My Lords, it is hard to find language adequate to describe the events in Mosul last week. Clear evidence is coming out of that part of the country that those women were put into cages and set on fire. They burned screaming for their lives in the presence of huge crowds which were forced into the squares to watch this happening as a lesson to them all. The women were there because they had refused to have sex with their ISIS captors. Yazidi women who have been captured are being used as sex slaves. They are appearing on platforms to be sold. They are also being subjected to repeated rape. If ever anything was a genocide, this is. As our nation sits on the Security Council with a special position as one of the five with a veto vote, I wonder whether we could have this placed on the Security Council agenda, which does not involve any vetoes. We could have it on the permanent agenda. Are we doing anything to secure that place on the agenda for this issue?
My Lords, it is a fact that Daesh uses these most appalling treatments and murders in order to subjugate people. It is therefore important that when we consider them, we look very carefully at how we communicate what has been happening and that we also look carefully at the evidence of what has been happening. Taking a political action is a matter of a moment; it does not deliver justice. The commitment of this Government to delivering that justice is absolute. It consumes the work that I do and the work of those in the Foreign and Commonwealth Office and in other departments who are helping me and who have great expertise, because we know that it is only by delivering justice in that area that we can not only help people there but ensure that there is more security elsewhere.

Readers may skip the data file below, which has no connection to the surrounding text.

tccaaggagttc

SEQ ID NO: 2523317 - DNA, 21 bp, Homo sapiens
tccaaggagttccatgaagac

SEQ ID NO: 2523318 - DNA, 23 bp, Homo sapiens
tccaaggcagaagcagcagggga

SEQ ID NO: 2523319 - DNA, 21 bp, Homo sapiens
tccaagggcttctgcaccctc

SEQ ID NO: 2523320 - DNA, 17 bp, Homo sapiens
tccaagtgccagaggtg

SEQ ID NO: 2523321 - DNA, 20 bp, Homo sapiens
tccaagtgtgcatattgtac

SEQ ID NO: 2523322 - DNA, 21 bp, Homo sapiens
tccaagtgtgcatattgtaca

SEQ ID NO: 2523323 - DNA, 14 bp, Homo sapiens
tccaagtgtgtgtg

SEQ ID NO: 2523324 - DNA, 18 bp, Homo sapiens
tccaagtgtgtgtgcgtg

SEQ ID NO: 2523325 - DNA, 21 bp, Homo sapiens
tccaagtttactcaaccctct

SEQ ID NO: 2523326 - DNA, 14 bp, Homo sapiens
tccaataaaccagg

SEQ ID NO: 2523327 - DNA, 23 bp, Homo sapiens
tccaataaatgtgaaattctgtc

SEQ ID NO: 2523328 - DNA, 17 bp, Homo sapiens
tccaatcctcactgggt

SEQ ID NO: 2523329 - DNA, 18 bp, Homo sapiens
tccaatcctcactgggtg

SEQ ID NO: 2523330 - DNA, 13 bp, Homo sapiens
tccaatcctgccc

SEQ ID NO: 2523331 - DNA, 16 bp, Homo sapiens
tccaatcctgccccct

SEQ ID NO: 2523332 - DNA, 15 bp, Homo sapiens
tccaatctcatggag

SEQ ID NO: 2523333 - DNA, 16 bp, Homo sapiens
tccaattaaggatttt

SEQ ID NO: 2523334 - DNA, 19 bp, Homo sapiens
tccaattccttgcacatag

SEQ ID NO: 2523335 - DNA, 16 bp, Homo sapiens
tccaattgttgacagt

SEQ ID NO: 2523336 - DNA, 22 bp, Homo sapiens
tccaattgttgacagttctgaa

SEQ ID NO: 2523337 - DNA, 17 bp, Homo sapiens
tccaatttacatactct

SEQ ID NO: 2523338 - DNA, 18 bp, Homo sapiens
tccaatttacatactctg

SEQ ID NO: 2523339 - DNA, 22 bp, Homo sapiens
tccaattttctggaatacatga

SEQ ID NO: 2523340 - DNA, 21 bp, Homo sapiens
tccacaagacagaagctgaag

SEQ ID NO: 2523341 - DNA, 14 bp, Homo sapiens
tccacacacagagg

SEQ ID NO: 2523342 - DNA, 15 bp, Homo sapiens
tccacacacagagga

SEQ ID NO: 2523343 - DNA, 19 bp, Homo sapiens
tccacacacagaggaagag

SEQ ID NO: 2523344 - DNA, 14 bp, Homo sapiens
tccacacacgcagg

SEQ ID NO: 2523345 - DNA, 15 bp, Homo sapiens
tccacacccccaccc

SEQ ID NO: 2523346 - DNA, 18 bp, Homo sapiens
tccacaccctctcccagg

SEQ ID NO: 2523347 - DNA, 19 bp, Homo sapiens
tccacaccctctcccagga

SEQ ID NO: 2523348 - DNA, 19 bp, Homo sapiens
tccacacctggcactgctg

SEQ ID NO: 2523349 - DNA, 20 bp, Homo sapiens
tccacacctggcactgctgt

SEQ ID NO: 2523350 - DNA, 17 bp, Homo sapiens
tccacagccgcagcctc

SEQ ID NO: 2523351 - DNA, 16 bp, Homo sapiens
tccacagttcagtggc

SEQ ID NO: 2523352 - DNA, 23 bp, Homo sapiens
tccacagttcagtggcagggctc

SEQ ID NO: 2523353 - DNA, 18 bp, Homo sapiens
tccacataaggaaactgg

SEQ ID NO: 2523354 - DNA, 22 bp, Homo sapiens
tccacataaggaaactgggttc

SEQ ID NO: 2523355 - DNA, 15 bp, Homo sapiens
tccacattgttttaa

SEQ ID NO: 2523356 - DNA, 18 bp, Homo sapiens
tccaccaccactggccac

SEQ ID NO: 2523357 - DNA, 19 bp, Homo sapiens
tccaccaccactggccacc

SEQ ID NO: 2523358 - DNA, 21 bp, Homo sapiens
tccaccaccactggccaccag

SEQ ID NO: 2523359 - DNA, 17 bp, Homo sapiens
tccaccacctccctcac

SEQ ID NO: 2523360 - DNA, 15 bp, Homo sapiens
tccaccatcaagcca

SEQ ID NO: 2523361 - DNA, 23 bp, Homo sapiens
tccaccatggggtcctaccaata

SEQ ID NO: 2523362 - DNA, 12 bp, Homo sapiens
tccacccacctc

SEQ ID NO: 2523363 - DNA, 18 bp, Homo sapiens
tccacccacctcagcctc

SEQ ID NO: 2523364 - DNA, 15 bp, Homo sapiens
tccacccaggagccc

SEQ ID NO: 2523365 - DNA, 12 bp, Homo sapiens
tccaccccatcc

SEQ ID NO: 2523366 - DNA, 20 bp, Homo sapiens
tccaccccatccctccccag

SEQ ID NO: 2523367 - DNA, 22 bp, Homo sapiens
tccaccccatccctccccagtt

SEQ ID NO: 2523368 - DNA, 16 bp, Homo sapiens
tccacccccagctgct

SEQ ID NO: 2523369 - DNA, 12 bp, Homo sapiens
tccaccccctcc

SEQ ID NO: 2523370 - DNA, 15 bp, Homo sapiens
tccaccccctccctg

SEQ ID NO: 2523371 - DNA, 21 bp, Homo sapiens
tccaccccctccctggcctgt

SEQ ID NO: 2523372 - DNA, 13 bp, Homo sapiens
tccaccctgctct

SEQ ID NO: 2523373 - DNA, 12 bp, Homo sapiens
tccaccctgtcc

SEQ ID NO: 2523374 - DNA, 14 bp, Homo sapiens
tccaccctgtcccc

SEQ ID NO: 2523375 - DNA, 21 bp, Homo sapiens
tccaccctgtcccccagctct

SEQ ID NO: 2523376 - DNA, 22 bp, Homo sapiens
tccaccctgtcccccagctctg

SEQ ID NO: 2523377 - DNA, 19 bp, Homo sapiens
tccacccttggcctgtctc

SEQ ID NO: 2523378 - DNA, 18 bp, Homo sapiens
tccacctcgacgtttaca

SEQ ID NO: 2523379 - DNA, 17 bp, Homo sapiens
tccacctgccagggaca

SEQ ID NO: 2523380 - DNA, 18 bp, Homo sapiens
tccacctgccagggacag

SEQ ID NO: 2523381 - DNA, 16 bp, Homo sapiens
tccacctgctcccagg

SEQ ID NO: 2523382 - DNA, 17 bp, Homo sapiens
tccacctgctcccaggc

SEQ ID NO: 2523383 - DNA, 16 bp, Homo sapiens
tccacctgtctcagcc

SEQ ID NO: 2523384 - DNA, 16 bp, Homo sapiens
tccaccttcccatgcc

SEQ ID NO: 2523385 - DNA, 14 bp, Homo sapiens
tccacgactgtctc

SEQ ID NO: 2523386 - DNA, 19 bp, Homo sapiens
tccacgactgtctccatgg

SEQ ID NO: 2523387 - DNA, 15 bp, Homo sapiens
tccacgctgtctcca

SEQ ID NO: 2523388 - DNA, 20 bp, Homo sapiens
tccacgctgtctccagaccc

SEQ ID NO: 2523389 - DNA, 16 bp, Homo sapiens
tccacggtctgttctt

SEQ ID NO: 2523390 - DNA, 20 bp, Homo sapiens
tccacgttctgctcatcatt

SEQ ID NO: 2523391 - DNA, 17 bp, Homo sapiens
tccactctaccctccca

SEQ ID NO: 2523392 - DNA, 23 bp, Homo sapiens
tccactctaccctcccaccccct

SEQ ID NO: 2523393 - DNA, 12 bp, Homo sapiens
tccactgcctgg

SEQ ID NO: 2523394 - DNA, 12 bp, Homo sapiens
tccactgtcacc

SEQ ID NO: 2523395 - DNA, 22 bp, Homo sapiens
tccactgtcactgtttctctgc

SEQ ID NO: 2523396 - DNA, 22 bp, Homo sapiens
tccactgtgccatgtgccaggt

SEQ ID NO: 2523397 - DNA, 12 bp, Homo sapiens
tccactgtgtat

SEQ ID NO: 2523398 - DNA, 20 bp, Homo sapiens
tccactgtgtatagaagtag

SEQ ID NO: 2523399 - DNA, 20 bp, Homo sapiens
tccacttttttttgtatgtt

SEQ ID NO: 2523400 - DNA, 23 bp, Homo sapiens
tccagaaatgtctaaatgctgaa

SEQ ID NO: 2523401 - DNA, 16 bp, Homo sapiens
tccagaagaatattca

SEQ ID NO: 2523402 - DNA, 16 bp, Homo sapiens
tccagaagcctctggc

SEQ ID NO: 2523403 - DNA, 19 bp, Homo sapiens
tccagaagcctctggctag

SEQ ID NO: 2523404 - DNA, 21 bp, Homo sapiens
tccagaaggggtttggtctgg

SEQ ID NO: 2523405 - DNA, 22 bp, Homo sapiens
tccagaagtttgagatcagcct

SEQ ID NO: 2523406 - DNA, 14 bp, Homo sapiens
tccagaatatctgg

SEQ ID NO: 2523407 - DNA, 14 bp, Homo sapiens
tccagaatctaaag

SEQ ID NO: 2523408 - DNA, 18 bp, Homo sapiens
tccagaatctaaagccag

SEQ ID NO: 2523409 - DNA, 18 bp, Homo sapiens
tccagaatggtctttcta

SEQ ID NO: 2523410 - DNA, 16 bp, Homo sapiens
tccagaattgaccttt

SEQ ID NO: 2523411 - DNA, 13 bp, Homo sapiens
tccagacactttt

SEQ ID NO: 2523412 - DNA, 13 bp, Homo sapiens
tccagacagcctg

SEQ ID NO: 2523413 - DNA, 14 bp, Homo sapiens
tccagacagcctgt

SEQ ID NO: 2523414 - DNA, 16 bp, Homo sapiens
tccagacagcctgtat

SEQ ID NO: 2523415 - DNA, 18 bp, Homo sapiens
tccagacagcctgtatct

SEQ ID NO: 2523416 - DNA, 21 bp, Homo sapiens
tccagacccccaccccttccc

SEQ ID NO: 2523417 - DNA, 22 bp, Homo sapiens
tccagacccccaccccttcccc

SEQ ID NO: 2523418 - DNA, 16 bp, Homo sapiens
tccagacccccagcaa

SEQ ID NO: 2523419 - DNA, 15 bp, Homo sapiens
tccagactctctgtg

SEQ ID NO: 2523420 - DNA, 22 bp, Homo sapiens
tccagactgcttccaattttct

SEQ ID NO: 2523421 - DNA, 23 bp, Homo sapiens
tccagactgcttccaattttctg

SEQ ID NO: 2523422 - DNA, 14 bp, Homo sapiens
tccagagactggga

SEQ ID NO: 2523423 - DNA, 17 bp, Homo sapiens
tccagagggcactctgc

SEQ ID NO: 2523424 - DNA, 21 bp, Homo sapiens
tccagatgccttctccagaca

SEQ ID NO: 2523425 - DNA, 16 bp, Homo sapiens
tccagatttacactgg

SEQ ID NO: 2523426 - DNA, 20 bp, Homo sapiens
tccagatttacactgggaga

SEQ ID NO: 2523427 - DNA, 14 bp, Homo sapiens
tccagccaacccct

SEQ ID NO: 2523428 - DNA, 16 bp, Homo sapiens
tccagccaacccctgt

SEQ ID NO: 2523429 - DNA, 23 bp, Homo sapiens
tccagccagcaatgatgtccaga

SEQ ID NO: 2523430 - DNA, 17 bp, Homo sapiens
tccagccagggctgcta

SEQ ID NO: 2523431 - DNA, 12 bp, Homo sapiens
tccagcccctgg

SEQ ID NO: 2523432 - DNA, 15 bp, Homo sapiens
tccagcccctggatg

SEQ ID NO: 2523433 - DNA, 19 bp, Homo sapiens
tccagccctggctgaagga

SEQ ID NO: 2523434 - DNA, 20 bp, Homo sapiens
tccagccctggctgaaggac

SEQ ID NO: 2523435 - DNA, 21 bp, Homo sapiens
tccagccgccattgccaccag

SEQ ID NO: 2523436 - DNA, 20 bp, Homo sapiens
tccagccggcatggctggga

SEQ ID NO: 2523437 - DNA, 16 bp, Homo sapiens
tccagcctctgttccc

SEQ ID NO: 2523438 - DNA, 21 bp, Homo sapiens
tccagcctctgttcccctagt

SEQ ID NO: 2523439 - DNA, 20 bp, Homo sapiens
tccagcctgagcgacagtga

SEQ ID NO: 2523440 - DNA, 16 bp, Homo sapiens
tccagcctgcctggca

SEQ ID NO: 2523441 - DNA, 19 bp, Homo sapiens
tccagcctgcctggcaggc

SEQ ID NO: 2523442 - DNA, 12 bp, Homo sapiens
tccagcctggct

My Lords, at the wonderful parliamentary prayer breakfast in Westminster Hall that I attended this morning along with 750 others, including 150 parliamentarians, many of them from this House, we were addressed by Bishop Angaelos of the Coptic Orthodox Church in the UK. He spoke movingly of the plight of Christians in the Middle East. While I acknowledge that the vast majority of those killed by ISIS are Muslims, will the Minister assure the House that the Government will work ever more closely with the leaders of the appallingly persecuted Christian community in the Middle East, such as Bishop Angaelos, and other religious leaders there in order to learn their perspective on what is happening?